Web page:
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   Table of Contents      
ORIGINAL ARTICLE
Year : 2015  |  Volume : 20  |  Issue : 5  |  Page : 545-551

The effect of acupressure on cancer-related fatigue among school-aged children with acute lymphoblastic leukemia


1 Department of Geriatric Nursing, School of Nursing and Midwifery, Iran University of Medical Sciences, Tehran, Iran
2 Instructor, Tehran University of Medical Sciences and Health Services, Nurse of Children's Medical Centre, Tehran, Iran
3 Leili Borimnejad, Nursing Care Research Centre, School of Nursing and Midwifery, Iran University of Medical Sciences Tehran, Iran; Negar Arbabi, Master of Science Tehran University of Medical Sciences and Health Services, Internationally Educated Nurse, Vancouver, Canada

Date of Submission04-Nov-2012
Date of Acceptance10-May-2015
Date of Web Publication7-Sep-2015

Correspondence Address:
Maryam Khosravi
Children Medical Center Hospital, Tehran University of Medical Sciences, Keshavarz Boulevard, Tehran
Iran
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Source of Support: Tehran University of Medical Sciences and Health Services, Conflict of Interest: None declared.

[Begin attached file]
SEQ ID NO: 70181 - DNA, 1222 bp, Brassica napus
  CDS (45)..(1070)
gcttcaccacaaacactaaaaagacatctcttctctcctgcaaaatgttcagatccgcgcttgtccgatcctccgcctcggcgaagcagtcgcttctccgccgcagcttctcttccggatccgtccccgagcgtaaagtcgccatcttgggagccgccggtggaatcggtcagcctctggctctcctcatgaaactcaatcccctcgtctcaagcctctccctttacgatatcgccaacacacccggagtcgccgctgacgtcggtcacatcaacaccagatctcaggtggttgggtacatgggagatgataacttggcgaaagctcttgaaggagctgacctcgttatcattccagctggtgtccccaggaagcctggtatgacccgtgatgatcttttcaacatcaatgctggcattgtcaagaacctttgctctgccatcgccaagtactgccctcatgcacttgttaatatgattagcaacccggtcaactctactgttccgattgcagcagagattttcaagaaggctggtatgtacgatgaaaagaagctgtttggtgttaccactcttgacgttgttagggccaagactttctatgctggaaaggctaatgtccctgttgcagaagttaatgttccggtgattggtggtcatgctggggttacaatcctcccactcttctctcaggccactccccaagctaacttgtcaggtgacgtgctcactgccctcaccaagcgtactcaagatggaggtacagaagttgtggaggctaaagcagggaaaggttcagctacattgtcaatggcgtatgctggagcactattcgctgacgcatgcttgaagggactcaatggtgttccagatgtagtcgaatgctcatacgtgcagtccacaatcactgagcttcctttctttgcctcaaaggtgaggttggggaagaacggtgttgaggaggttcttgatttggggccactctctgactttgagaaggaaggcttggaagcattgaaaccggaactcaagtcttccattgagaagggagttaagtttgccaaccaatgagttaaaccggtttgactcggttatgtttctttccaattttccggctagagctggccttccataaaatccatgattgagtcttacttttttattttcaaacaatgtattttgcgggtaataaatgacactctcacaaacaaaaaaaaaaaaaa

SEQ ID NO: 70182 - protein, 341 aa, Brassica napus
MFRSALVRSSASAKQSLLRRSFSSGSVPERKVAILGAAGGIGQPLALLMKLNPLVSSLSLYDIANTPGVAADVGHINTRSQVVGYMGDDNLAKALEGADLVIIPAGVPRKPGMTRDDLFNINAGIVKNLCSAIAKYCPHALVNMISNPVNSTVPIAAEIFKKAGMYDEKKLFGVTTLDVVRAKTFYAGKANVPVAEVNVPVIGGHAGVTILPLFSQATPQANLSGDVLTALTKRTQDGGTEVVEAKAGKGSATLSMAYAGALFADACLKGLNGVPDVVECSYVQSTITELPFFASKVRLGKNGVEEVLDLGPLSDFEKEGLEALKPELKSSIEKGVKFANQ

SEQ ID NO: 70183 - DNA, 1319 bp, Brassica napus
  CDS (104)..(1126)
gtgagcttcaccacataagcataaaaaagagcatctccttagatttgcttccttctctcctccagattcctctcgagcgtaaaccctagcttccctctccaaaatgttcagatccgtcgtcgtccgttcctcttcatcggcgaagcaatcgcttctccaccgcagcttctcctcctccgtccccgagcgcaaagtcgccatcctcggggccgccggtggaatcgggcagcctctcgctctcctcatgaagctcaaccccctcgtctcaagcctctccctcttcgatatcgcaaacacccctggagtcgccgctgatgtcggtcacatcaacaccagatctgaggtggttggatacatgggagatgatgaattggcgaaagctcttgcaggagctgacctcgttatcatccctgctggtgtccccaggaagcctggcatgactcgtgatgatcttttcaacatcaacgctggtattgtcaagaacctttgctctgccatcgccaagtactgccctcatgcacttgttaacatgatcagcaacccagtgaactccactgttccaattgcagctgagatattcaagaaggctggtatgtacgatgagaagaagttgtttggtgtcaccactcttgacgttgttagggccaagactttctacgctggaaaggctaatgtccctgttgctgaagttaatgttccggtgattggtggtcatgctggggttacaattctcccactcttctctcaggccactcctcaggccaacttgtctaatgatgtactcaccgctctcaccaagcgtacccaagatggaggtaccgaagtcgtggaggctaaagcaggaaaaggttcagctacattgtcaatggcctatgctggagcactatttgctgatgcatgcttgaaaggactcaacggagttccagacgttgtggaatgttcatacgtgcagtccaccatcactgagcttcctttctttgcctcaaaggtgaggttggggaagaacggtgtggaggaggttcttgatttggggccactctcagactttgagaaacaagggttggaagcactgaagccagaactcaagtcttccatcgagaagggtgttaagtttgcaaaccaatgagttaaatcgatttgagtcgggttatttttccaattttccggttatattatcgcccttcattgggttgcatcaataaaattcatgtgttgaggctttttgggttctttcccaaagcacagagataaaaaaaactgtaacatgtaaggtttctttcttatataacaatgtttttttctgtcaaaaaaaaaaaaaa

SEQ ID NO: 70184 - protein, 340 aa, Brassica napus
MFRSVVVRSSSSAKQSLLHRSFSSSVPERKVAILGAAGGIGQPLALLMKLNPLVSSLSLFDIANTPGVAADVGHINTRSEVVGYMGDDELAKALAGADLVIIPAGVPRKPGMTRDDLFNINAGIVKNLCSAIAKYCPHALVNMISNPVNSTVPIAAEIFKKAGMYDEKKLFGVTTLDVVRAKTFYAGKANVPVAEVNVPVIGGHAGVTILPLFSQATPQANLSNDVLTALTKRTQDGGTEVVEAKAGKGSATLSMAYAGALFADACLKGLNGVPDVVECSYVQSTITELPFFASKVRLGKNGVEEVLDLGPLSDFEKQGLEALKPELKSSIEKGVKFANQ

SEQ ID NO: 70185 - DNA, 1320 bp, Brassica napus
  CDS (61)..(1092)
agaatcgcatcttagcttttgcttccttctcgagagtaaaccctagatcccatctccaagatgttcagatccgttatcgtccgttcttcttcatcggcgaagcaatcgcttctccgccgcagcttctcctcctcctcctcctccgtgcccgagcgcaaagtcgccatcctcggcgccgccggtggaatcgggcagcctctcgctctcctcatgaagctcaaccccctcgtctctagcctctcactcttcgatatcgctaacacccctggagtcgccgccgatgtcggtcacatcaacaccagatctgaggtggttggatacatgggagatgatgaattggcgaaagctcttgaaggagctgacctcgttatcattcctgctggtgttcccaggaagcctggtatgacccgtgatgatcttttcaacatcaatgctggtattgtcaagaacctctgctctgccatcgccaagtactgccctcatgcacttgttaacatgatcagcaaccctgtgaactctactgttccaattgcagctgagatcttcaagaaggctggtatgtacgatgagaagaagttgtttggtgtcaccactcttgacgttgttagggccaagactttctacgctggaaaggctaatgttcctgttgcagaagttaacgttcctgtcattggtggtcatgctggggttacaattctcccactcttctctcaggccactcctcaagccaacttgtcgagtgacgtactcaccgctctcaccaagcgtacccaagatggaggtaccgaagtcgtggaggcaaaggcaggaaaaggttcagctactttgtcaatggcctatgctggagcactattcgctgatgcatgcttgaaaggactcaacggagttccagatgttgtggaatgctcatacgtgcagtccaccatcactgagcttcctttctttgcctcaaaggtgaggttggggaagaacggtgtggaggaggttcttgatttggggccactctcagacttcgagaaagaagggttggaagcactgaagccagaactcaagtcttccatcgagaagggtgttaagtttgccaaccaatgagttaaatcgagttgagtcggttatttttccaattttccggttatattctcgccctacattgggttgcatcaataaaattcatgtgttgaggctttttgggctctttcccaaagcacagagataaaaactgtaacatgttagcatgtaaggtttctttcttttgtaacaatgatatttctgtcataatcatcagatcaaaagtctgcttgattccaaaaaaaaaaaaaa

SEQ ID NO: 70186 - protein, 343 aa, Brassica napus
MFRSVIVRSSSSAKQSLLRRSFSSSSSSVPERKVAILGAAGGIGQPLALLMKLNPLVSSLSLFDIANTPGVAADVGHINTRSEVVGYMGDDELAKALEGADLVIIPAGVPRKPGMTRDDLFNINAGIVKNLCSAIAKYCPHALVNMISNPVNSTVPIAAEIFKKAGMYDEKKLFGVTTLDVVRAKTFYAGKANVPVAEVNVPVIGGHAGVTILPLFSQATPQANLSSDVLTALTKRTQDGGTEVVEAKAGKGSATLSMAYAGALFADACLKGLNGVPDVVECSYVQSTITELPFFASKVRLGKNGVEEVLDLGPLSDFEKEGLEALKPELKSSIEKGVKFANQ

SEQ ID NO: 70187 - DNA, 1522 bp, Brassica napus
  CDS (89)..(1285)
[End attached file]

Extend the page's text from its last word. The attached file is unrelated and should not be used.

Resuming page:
DOI: 10.4103/1735-9066.164508

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  Abstract 

Background: Fatigue is the most common side effect of chemotherapy in children with acute lymphoblastic leukemia (ALL). Acupressure is one of the most popular non-pharmacologic methods used to reduce fatigue in other settings. The aim of the study was to evaluate the effect of acupressure on reducing fatigue among children with ALL compared with a placebo treatment.
Materials and Methods: In a single-blind, randomized, placebo-controlled clinical trial of 120 hospitalized school-aged children with ALL, 24 h after chemotherapy, they were randomly divided into experimental (n = 60) and placebo groups (n = 60). Intensity of fatigue was rated using the Visual Analog Scale. The intervention (finger acupressure) was applied on ST36 (true points) in the experimental group and on LI12 (sham points) in the placebo group. We evaluated the symptoms of fatigue intensity immediately and 1 h after intervention. Fatigue was also measured 24 h after intervention by Fatigue Scale-Child (FS-C). Data were analyzed by SPSS version 16.0 using descriptive statistics, independent t-test, and Chi-square and Fisher exact tests.
Results: Significant differences were observed between the two groups in the intensity of fatigue 1 h after intervention (P < 0.001). But there was no significant difference between them regarding fatigue 24 h after intervention.